Be ambassadors for change
So on balance, yes targets can help us to redress the balance. But a focus on targets can be unhealthy and lead to a different kind of discrimination. We should all be mindful to simply understand one another more fully, to recognise that we are all different and to celebrate those differences. After all, the most successful businesses are those which welcome fresh ideas and new ways of thinking. This means not creating homogenous tribes, but diverse tribes, which reflect the communities which they operate in, and in doing so serve them better.
The session concluded with some inspiring words from the panel. Claire stated; “Diversity in the workplace is not just the right thing to do. It’s essential for the business economy.” Paul added, “This shouldn’t just be a token gesture…challenge everything!” Kate finished with; “There is a really long way to go with this. It’s infuriating. The language we use, the programmes, the schemes we put in place. Be ambassadors for change!”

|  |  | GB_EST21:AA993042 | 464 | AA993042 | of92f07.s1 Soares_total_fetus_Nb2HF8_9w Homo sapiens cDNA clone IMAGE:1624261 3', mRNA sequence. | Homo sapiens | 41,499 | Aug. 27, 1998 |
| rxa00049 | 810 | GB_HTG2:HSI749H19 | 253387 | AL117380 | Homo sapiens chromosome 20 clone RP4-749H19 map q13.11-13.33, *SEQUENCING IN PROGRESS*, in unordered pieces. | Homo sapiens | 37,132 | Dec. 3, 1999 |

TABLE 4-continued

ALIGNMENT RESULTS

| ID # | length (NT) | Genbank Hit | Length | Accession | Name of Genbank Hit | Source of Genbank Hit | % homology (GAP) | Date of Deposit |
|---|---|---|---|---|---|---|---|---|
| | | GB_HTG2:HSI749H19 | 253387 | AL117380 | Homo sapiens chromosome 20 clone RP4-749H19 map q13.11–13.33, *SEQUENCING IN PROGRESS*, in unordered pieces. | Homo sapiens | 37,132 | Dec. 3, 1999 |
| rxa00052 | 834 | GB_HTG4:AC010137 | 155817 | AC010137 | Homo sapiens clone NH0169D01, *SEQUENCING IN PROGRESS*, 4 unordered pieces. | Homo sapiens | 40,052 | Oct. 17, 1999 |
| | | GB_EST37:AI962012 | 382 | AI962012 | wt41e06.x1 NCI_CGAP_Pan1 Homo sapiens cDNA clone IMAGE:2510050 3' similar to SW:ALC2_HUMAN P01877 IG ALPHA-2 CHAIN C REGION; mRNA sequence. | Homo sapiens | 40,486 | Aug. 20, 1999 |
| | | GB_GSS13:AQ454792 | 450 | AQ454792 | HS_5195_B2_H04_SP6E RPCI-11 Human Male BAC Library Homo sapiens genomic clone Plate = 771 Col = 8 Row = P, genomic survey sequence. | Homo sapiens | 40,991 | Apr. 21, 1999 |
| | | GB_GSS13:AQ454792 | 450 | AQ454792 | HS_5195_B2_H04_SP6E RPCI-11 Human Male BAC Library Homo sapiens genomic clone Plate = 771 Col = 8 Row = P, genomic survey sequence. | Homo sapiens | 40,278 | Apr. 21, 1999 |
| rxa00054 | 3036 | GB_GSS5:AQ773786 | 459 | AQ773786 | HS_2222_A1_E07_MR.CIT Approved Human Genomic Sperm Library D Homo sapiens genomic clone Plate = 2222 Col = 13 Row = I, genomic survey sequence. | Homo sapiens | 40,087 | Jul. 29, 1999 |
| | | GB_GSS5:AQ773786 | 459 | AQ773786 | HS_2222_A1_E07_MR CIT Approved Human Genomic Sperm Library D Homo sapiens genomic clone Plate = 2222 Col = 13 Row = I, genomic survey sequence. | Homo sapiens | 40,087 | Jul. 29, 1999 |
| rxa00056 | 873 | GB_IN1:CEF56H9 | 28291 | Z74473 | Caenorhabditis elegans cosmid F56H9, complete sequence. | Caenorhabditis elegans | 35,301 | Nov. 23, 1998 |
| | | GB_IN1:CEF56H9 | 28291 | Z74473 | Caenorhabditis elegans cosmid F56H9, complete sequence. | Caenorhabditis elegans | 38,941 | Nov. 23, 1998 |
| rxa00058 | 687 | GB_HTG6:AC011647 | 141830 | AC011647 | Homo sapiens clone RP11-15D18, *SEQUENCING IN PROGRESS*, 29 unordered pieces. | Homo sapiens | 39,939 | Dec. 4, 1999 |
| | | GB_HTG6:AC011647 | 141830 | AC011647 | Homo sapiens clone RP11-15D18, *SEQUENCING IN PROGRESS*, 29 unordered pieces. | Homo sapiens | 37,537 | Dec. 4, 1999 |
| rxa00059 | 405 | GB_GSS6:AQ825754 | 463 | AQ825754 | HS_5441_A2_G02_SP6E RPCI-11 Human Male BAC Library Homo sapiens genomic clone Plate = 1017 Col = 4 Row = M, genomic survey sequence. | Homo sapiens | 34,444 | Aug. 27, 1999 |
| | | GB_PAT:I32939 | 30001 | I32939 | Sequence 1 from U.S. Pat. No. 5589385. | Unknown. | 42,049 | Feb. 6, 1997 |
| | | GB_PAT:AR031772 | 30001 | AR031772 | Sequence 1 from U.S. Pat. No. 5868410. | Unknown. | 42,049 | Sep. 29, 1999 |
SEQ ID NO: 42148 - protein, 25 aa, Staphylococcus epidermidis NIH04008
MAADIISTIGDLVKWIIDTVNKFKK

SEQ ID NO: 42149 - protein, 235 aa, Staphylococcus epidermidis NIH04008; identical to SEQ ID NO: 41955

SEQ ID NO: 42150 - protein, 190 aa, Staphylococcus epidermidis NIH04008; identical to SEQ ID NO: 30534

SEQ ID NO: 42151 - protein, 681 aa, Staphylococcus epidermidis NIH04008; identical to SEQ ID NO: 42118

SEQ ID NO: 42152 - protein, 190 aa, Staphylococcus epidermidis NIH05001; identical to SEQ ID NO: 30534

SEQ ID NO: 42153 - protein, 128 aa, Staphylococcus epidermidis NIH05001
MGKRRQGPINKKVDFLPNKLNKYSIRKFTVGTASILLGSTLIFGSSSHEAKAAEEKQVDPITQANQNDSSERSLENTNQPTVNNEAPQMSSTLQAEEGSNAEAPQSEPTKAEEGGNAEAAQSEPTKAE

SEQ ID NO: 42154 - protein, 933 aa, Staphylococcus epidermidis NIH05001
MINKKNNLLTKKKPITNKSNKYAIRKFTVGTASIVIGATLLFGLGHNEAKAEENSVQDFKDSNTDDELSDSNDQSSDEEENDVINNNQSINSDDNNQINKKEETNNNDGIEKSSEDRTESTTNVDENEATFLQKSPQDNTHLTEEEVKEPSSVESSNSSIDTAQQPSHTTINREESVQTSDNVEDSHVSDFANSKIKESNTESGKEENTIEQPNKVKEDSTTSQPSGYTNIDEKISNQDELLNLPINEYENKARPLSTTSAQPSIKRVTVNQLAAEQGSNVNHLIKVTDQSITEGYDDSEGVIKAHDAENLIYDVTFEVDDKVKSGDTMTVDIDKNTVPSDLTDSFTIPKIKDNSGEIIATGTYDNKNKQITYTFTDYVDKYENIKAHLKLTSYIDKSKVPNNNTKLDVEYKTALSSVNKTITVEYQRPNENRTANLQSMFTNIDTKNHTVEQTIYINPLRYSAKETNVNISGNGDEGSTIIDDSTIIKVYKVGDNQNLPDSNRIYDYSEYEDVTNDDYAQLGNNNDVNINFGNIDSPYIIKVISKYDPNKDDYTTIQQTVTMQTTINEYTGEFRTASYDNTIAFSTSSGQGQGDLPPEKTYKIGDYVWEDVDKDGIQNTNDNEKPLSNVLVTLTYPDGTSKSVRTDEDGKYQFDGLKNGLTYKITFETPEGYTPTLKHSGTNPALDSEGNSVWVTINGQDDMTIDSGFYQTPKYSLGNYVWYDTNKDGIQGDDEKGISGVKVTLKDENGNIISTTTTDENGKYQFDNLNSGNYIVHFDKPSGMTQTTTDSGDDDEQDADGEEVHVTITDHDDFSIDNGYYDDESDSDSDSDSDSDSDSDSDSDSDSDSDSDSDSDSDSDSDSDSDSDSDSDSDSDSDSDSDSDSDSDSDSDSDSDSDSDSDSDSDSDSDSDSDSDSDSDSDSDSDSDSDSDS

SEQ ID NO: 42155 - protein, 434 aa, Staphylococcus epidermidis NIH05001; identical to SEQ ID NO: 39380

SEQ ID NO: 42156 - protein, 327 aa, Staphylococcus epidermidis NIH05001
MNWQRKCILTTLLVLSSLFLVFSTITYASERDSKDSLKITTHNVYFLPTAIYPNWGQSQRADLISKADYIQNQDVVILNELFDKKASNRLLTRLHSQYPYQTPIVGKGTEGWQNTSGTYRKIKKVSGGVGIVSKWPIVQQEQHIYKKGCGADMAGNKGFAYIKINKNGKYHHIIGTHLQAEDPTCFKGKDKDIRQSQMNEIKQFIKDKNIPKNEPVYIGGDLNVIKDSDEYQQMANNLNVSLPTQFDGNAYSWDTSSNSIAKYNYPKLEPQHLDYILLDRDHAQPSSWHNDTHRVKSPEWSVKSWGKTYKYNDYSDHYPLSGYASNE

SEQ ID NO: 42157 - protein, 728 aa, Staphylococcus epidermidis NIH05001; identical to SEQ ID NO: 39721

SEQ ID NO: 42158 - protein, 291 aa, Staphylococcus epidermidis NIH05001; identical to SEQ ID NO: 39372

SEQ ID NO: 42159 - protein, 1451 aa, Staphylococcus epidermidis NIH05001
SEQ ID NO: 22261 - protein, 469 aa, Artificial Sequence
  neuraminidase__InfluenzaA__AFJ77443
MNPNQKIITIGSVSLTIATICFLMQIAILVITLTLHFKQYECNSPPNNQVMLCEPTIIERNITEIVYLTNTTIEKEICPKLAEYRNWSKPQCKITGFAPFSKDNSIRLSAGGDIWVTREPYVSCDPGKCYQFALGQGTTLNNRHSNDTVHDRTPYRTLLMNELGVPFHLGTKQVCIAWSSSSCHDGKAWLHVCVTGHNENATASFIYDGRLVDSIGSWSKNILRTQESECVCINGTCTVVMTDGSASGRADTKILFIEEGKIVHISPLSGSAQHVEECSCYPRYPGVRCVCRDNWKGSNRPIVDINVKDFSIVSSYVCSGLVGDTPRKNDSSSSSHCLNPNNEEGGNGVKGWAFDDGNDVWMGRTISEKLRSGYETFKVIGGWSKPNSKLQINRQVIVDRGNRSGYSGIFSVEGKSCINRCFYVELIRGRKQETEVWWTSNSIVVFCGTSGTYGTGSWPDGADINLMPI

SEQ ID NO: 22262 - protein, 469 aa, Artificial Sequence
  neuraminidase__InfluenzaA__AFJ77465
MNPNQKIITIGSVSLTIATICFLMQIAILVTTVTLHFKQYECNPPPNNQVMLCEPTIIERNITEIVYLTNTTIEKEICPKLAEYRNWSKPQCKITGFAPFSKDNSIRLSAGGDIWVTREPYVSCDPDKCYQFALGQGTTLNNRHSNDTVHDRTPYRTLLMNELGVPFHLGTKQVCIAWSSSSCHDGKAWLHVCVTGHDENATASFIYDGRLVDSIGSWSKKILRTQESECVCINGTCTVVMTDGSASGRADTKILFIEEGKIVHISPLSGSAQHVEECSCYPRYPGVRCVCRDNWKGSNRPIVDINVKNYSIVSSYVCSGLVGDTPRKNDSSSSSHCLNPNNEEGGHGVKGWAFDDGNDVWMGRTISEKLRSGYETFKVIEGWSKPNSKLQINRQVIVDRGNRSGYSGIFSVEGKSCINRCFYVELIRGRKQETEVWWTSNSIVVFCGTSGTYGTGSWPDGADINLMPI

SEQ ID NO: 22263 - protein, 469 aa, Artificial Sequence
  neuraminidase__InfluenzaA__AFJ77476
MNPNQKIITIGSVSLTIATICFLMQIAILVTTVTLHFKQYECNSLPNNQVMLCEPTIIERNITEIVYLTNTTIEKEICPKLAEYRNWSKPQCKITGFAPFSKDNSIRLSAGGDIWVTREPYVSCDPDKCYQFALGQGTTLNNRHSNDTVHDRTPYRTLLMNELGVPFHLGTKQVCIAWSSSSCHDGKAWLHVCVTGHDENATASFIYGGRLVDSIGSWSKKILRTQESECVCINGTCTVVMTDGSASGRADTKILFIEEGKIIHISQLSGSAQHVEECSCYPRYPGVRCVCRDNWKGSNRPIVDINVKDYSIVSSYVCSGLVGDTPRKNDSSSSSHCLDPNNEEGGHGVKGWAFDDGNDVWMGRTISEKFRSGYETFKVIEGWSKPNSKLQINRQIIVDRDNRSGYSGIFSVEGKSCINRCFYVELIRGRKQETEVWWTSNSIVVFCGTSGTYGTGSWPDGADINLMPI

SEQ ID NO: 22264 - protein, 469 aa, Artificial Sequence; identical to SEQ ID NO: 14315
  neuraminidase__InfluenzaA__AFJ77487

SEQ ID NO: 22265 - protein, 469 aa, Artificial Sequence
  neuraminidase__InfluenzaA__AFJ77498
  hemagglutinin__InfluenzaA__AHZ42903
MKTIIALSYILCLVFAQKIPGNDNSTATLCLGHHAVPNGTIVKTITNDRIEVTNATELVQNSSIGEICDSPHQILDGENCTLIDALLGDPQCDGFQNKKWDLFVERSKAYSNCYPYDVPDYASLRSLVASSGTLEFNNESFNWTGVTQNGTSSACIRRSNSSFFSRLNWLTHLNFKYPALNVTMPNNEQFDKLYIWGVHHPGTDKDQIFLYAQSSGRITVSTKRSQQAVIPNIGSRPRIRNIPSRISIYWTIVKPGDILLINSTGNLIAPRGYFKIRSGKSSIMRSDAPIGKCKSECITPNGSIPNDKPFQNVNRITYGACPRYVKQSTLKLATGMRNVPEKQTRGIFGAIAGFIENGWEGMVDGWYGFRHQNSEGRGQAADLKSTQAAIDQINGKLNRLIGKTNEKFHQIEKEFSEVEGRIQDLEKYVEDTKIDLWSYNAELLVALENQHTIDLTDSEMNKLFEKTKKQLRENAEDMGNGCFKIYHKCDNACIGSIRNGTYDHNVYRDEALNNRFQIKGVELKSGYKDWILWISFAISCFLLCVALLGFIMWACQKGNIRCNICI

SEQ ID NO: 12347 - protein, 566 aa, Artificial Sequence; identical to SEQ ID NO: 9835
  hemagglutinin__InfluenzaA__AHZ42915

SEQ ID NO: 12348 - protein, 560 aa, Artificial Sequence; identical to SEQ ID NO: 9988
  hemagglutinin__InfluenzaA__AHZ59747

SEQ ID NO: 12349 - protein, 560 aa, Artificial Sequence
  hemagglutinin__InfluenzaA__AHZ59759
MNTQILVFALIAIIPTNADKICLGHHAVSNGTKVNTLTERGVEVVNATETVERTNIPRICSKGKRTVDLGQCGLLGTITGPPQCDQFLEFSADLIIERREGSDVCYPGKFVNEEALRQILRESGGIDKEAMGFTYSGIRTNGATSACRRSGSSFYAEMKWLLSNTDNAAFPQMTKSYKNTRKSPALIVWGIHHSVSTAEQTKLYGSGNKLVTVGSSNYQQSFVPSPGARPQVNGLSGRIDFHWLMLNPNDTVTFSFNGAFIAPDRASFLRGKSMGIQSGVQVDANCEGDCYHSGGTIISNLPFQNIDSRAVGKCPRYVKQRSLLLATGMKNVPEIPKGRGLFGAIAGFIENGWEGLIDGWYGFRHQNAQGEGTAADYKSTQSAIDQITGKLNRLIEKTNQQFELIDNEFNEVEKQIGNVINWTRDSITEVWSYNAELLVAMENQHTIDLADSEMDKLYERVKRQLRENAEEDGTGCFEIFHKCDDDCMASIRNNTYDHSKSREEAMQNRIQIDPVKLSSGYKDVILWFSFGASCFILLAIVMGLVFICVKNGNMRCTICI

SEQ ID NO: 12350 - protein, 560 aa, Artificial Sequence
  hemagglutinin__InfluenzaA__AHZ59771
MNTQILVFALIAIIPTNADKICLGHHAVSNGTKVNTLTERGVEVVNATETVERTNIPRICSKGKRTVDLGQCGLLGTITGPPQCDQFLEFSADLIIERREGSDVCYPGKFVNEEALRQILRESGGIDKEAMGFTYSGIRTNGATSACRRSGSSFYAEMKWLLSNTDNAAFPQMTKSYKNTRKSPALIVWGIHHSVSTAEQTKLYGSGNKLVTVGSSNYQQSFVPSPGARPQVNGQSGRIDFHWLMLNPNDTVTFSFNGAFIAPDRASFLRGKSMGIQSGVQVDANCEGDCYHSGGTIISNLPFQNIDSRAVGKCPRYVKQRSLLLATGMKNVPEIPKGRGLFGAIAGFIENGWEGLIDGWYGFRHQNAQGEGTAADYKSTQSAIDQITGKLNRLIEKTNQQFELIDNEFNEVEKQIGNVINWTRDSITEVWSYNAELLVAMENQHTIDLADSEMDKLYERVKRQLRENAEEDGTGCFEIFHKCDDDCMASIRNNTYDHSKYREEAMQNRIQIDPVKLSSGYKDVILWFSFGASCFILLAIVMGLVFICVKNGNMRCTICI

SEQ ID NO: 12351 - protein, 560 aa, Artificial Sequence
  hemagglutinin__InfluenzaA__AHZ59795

We couldn’t agree more.
If you have some spare time between now and the beginning of July, it’s worth taking a look at the Blue Skies stage programme at IFB2016. The third week of the festival, from 27 June to 1 July is also creative and digital week, with a huge range of interesting talks, debates and sessions happening. Google are running their digital garage on the second floor of the exhibition, aimed at SME’s seeking to digitise their business or those who just need some specialist advice.
For more information, visit the website: www.ifb2016.com.